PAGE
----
Aquaponics - Electronics - Digital demand fish feeder

The water temperature in my aquaponics fish tank is today sitting at around 20c This means my silver perch are back to feeding like crazy.

I suspect they would eat a lot more if I fed them 20 times a day, so I rummaged around in the darkest depths of my house, and found my demand fish feeder project.

When I made it as part of trying to learn electronics, I happened to be on lots and lots of morphine because I had a rock festering in my kidney. At least I think that's what it was for.

Geology is interesting and all, but who wants to grow rocks in your kidney.

Anyway, it seems that whatever you learn when your brain is in an opiate fog stays in that fog. At least it did for me.

Every now and again I've discovered this poor little open source project, and tried to figure out what it does, and why it doesn't do what it should do, and it always ends in my just putting it back into the darkest part of my house, and leaving it there until for some new reason I think I'll understand it again.

Yesterday I looked at it and it made sense.

Only a bit, but that's a bit more than usual, and I wasn't even on morphine.

I traced everything from the pins to whatever input or output  (switches or lights) devices were attached, and almost all of it seemed to do something. The three adjustable gizmos (pots) in the top right are not connected, but I looked at my code, and worked out what they should be connected to (they adjust food amount, total food allowed in a day, and light sensitivity to trigger the dawn reset.

There are also these four resistors that dont seem to do anything.

I'm guessing they are either, connected to the potentiometers (adjustable gizmos) or have something to do with the second circuit that I found.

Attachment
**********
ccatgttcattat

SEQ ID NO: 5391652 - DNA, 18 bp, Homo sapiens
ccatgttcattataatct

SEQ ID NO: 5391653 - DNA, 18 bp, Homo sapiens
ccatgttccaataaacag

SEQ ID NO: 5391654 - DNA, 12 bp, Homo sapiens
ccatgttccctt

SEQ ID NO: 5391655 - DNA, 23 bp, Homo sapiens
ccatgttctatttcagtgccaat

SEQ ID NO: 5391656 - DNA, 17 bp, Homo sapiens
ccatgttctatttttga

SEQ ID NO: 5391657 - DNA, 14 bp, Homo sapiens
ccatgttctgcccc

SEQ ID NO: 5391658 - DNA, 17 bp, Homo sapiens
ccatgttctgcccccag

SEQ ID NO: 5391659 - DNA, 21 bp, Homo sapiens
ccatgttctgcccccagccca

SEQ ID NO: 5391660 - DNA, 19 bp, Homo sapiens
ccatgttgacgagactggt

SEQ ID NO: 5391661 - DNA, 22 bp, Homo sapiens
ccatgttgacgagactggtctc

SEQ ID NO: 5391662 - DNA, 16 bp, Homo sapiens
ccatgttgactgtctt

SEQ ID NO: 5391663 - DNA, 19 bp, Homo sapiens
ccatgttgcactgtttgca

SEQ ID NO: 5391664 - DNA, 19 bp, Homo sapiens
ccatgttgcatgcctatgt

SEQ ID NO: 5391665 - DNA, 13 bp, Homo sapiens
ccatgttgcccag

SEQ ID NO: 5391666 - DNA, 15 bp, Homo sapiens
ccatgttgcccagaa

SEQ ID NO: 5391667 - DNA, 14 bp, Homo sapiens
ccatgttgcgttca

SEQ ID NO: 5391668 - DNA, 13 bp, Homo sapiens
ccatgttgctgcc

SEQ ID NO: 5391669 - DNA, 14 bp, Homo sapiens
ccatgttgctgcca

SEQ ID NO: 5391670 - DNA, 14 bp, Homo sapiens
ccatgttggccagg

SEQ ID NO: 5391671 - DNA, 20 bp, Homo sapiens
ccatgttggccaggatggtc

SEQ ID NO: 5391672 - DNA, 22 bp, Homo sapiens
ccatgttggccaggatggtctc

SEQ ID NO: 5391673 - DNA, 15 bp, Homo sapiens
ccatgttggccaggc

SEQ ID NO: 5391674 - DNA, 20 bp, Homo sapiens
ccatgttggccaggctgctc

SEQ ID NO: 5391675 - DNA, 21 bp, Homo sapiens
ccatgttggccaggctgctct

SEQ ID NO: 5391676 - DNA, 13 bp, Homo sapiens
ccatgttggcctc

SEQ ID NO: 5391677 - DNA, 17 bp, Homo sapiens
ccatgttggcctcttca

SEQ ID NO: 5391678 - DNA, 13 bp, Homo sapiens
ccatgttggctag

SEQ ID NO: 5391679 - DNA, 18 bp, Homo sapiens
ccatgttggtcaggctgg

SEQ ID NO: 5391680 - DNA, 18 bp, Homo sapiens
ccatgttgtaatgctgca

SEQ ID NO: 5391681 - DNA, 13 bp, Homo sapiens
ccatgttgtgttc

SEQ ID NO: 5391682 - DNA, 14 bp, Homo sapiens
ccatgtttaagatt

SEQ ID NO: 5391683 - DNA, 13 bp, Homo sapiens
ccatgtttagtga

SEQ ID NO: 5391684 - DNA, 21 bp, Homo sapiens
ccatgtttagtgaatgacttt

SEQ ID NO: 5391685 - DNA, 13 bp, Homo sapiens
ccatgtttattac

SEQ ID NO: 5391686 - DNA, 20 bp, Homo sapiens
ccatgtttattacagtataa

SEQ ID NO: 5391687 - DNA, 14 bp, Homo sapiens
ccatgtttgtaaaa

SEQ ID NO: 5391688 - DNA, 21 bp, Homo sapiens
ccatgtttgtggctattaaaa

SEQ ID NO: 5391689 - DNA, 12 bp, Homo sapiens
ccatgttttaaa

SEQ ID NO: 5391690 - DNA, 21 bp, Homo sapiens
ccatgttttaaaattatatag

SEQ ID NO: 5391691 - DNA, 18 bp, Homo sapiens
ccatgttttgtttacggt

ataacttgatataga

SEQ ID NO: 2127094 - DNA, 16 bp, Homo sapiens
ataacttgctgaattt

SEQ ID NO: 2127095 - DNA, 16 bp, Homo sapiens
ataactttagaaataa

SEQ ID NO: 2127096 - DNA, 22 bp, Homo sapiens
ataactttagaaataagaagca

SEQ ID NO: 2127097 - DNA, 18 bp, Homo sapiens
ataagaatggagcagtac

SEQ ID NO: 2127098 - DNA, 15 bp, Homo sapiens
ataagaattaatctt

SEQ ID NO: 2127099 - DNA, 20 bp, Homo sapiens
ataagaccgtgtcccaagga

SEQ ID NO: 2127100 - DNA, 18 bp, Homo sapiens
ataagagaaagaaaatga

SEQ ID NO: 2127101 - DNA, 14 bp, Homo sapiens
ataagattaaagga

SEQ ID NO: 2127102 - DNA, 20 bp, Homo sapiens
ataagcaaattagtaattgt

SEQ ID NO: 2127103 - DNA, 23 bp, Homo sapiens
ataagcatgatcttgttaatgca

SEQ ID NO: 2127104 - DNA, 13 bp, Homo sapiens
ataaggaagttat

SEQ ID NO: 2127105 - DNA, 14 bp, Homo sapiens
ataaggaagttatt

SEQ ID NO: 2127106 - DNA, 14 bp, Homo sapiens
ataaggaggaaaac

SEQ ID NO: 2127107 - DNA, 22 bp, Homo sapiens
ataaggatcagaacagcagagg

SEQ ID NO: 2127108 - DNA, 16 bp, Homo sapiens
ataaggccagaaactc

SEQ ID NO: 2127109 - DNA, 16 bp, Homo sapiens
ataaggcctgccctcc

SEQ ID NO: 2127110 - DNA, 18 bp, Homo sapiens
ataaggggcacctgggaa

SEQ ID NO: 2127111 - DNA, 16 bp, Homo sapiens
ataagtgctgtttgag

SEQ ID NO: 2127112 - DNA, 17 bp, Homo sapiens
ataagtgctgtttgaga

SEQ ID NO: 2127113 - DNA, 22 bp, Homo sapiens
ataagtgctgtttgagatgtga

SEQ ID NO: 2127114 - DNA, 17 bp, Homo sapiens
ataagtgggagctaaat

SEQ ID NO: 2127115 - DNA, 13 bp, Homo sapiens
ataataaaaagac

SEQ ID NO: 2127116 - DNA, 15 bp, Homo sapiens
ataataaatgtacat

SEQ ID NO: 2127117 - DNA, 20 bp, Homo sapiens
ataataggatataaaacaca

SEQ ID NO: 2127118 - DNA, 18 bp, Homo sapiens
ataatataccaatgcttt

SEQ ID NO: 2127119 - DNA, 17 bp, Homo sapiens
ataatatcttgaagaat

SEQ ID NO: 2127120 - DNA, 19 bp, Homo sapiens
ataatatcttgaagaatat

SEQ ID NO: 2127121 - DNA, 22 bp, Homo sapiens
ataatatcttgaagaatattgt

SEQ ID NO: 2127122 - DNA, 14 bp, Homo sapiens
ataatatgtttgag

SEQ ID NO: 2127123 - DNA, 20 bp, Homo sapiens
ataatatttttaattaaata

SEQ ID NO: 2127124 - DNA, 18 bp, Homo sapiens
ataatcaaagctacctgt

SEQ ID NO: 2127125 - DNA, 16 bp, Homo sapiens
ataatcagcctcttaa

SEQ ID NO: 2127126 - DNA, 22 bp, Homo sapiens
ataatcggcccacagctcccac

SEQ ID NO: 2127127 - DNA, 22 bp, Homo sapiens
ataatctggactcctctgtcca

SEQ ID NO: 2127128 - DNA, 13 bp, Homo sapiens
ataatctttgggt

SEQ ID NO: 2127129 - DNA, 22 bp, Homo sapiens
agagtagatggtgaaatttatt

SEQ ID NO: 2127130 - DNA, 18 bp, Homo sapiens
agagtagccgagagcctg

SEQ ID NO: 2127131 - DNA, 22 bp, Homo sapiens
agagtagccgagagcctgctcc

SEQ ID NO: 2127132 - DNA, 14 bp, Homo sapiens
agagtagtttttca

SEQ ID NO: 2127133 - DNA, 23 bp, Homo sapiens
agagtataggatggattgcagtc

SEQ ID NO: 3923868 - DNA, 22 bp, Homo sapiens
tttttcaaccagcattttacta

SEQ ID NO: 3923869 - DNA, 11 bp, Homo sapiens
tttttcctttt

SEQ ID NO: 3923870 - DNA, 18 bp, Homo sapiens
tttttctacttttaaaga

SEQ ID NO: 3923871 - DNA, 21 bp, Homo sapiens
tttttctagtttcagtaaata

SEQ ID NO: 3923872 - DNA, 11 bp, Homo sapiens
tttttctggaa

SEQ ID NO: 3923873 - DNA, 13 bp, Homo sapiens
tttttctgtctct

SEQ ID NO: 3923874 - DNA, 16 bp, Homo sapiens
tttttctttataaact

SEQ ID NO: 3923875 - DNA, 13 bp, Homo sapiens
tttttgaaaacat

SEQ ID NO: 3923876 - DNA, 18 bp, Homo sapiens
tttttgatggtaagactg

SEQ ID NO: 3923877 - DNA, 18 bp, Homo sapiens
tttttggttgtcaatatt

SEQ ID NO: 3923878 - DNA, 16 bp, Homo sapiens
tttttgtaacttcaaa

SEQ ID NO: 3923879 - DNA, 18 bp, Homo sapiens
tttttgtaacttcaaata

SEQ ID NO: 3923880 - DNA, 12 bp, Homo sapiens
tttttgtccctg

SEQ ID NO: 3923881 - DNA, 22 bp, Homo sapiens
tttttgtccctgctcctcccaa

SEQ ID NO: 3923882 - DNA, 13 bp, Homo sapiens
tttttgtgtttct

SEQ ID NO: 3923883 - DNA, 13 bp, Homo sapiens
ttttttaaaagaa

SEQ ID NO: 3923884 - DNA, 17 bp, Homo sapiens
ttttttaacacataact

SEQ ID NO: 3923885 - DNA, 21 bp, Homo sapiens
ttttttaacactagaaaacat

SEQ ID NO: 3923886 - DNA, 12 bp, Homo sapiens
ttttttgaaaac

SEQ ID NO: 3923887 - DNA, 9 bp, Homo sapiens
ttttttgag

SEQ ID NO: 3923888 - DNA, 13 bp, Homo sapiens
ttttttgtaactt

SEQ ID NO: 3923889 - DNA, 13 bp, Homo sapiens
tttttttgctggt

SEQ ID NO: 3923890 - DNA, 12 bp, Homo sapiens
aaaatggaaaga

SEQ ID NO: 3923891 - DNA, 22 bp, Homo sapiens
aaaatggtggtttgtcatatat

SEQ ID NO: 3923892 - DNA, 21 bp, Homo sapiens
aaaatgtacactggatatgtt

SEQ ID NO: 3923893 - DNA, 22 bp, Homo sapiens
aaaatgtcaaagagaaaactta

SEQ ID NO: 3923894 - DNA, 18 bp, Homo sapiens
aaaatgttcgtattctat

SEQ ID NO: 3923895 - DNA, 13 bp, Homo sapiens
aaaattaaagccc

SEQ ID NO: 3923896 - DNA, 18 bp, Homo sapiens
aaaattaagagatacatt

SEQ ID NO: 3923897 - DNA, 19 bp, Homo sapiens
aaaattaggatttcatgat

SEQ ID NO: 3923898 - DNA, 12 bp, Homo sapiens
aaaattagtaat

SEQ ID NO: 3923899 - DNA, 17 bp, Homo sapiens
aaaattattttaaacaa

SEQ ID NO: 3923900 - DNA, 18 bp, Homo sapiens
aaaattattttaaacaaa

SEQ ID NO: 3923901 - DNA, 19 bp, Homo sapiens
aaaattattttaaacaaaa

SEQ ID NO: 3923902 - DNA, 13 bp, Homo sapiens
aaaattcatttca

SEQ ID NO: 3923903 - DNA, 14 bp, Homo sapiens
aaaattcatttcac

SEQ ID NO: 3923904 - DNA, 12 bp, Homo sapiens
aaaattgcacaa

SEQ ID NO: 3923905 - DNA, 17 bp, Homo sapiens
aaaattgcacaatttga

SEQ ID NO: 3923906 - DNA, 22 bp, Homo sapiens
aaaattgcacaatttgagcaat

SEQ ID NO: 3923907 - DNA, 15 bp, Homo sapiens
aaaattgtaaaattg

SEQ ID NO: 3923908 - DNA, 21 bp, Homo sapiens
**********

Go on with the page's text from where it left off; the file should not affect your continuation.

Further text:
The second circuit looks like this, and I'm pretty sure it was meant to be mounted like this.

It has a button and a switch.

I remember making a water proof override switch so I could give the fish a dose of food when I visited them and wanted to see them hit the demand lever and get fed.

Now the four resistors might be for the pots, but I cant remember if they needed resistors. They are, after all, resistors.

I think.

But some things need resistors so they don't feed ambient static into the chip, and give false readings that look like button presses or whatever.

Who knows, but it feels a bit like I'm almost, right on the edge of nearly being back on track.

120 things in 20 years Aquaponics - Digital demand fish feeders are sometimes better off recycled and started from scratch.

Aquaponics - Fried tomato root

When I roast onion I always cut them into quarters, and leave the root on.

Partly to hold them together, but also because when the onion root gets crunchy it tastes great.

Unless someone points to their toxicity or something, I'm going to try some other fried roots from my system.

Tomato root springs to mind immediately at it has a very pleasant aroma.

In a dirt garden, you might never see the extent of the root system when you pull up a plant.

Growing carrots in water only has got my seeing, and thinking about the root systems of plants as a potential delicacy.

I hope I don't die!

[note from the future - it turns out tomato are part of the night shade family, and are toxic, so I wont be going through with any tomato root frying]

120 things in 20 years - If its worth growing, it's worth frying. [or not]

Aquaponics - Perfectly good carrot

I tend to avoid eating things that are supposed to be orange, but that are green.

Oranges are an excellent example of why such a policy is a wise one.

But here is what 100% of reader feedback inspired me to do...

I thought I'd cut open the carrot I grew in water and see what it looked like on the inside.

It looked like a normal carrot.

So I ate it.

And I didn't die.

Now the carrot in question looks like this.

And it tasted exactly like all the other carrots I've harvested.

Sweet, and delicious.

I suspect the totally normal shaped carrot was because my nutrient levels are so low. I'm running 300 litres or growbed and a thousand litres of fish tank (plus an extra 50 litres or so in the duckweed tank, and another 50 litres of sump) The result is (in my uninformed opinion) the carrot fell back on it's normal modus operandi for growth rather than branching out (Elvis shaped) to take advantage of nutrient that may have been there if I kept more fish.